Do you know that even when you look at a tree and say, `That is an oak tree', or `that is a banyan tree', the naming of the tree, which is botanical knowledge, has so conditioned your mind that the word comes between you and actually seeing the tree? To come in contact with the tree you have to put your hand on it and the word will not help you to touch it.
And after a long time the boy came back again. "I am sorry, Boy," said the tree, "but I have nothing left to give you- My apples are gone." "My teeth are too weak for apples," said the boy. "My branches are gone," said the tree. "You cannot swing on them-" "I am too old to swing on branches," said the boy. "My trunk is gone," said the tree. "You cannot climb-" "I am too tired to climb," said the boy. "I am sorry," sighed the tree. "I wish that I could give you something... but I have nothing left. I am an old stump. I am sorry..."I don't need very much now," said the boy, "just a quiet pleace to sit and rest. I am very tired." "Well," said the tree, straightening herself up as much as she could, "well, an old stump is a good for sitting and resting. Come, Boy, sit down. Sit down and rest."And the boy did.And the tree was happy.
A person should be buried only half a meter, or two feet, below the surface. Then a tree should be planted there. He should be buried in a coffin that decays so that when you plant a tree on top the tree will take something out of his substance and change it into tree-substance. When you visit the grave you don’t visit a dead man, you visit a living being who was just transformed into a tree. You say, “This is my grandfather, the tree is growing well, fantastic.” You can develop a beautiful forest that will be more beautiful than a normal forest because the trees will have their roots in graves. It will be a park, a place for pleasure, a place to live, even a place to hunt.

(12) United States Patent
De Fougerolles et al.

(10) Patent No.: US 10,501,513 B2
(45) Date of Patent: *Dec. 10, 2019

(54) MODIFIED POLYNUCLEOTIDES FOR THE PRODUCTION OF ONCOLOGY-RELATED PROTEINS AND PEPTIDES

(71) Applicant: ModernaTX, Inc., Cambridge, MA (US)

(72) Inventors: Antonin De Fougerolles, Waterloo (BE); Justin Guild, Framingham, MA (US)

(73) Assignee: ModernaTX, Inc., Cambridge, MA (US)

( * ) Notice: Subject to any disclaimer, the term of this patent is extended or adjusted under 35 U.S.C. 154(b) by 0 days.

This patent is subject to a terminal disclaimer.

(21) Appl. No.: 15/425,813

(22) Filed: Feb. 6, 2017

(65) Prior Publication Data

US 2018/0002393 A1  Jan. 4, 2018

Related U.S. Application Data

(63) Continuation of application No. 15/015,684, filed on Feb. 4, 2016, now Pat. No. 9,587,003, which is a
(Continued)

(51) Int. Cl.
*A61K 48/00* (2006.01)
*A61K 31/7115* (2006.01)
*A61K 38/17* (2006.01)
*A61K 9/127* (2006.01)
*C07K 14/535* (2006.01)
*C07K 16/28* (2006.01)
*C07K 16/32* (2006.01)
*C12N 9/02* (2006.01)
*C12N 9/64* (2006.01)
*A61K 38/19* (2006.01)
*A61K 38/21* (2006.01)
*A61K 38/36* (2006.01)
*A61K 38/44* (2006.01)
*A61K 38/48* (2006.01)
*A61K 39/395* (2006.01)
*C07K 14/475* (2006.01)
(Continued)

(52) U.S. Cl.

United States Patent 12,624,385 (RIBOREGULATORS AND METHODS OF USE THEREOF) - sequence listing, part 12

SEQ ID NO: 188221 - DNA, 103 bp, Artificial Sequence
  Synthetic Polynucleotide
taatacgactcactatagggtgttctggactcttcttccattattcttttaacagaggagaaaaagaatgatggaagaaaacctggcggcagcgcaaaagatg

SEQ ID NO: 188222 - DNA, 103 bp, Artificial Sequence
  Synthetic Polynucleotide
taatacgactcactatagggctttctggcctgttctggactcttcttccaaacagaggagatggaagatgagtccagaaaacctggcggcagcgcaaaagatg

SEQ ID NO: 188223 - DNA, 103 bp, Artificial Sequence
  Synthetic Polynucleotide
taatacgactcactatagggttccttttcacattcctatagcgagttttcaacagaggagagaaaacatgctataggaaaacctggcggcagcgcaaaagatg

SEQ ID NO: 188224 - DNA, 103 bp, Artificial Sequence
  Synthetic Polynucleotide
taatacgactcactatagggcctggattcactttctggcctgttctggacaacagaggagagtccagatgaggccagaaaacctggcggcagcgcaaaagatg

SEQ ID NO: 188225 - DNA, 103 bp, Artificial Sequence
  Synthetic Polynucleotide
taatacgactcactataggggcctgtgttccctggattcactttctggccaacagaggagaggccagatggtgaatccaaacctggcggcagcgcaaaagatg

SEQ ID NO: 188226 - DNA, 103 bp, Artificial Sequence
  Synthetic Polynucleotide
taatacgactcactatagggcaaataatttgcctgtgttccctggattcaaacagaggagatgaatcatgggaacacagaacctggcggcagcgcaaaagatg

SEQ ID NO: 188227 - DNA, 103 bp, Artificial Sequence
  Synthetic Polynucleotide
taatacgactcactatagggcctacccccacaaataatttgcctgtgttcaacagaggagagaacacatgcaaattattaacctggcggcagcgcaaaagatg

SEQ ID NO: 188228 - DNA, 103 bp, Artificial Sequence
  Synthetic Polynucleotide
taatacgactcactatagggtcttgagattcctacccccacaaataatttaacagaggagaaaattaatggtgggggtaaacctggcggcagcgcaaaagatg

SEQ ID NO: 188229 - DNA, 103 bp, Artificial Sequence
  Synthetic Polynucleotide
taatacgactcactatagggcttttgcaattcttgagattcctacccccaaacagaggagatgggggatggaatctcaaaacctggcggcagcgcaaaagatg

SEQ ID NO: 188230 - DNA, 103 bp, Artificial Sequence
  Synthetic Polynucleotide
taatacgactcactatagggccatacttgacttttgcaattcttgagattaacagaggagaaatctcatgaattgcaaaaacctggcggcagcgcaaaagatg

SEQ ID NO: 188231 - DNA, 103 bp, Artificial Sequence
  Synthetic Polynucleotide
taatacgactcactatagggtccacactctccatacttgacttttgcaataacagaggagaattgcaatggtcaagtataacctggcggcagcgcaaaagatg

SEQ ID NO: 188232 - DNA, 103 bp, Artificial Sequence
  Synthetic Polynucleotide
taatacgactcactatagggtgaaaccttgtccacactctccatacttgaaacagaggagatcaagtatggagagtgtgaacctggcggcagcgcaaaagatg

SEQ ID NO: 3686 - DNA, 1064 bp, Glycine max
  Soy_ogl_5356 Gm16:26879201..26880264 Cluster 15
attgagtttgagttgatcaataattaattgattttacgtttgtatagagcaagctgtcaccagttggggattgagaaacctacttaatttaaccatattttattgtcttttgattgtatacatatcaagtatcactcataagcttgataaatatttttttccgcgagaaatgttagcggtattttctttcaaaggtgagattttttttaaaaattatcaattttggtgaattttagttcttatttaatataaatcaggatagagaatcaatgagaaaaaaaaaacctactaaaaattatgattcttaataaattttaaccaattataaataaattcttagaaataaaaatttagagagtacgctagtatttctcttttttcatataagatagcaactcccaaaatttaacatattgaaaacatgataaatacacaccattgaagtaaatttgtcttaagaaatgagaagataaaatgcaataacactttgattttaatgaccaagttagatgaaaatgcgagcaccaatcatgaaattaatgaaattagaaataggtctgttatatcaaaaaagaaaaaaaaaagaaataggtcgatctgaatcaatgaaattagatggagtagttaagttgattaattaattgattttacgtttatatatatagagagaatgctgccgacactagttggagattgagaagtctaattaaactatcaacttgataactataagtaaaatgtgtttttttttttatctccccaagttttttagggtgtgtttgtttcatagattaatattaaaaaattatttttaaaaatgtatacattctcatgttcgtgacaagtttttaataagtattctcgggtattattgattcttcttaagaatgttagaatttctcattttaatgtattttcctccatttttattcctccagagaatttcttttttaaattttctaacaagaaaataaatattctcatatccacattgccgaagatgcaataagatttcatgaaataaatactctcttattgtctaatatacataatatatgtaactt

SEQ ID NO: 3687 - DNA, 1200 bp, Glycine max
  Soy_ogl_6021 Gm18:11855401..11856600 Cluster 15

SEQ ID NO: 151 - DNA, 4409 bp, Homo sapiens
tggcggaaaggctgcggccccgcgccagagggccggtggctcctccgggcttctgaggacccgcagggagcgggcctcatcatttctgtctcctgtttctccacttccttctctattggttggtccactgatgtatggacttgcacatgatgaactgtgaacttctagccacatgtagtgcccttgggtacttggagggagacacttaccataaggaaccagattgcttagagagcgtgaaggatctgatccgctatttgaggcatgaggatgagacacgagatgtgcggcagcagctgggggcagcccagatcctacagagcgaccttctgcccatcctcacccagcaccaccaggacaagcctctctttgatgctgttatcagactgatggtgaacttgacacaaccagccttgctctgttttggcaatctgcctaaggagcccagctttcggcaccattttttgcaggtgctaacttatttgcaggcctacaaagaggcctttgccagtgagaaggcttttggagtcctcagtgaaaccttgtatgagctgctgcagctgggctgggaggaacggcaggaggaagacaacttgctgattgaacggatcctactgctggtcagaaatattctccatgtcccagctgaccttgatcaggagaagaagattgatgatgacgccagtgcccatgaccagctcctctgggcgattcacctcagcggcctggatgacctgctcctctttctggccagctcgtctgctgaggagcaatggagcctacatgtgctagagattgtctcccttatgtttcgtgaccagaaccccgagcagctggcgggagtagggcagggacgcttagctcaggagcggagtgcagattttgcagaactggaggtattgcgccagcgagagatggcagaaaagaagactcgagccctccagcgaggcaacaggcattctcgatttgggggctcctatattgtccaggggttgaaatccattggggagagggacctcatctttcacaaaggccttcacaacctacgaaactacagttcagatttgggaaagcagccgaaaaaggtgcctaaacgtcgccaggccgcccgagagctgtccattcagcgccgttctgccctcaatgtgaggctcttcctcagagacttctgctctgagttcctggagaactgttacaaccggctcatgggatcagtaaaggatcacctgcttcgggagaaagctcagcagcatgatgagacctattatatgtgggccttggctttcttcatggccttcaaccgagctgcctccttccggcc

A great European master miniaturist and another great master artist are walking through a Frank meadow discussing virtuosity and art. As they stroll, a forest comes into view before them. The more expert of the tow says to the other: 'painting in the new style demands such talen that if you depicted one of the trees in the forest, a man who looked upon that painting could come here, and if he so desired, correctly select that tree from among the others.'I thank Allah that I, the humble tree before you, have not been drawn with such intent. And not because I fear that if I'd been thus depicted all the dogs in Istanbul would assume I was a real tree and piss on me: I don't want to be a tree, I want to be its meaning.
I think that I shall never see. A poem lovely as a tree. A tree whose hungry mouth is pressed. Against the earth's sweet flowing breast; A tree that looks at God all day. And lifts her leafy arms to pray; A tree that may in summer wear. A nest of robins in her hair; Upon whose bosom snow has lain; Who intimately lives with rain. Poems are made by fools like me, But only God can make a tree.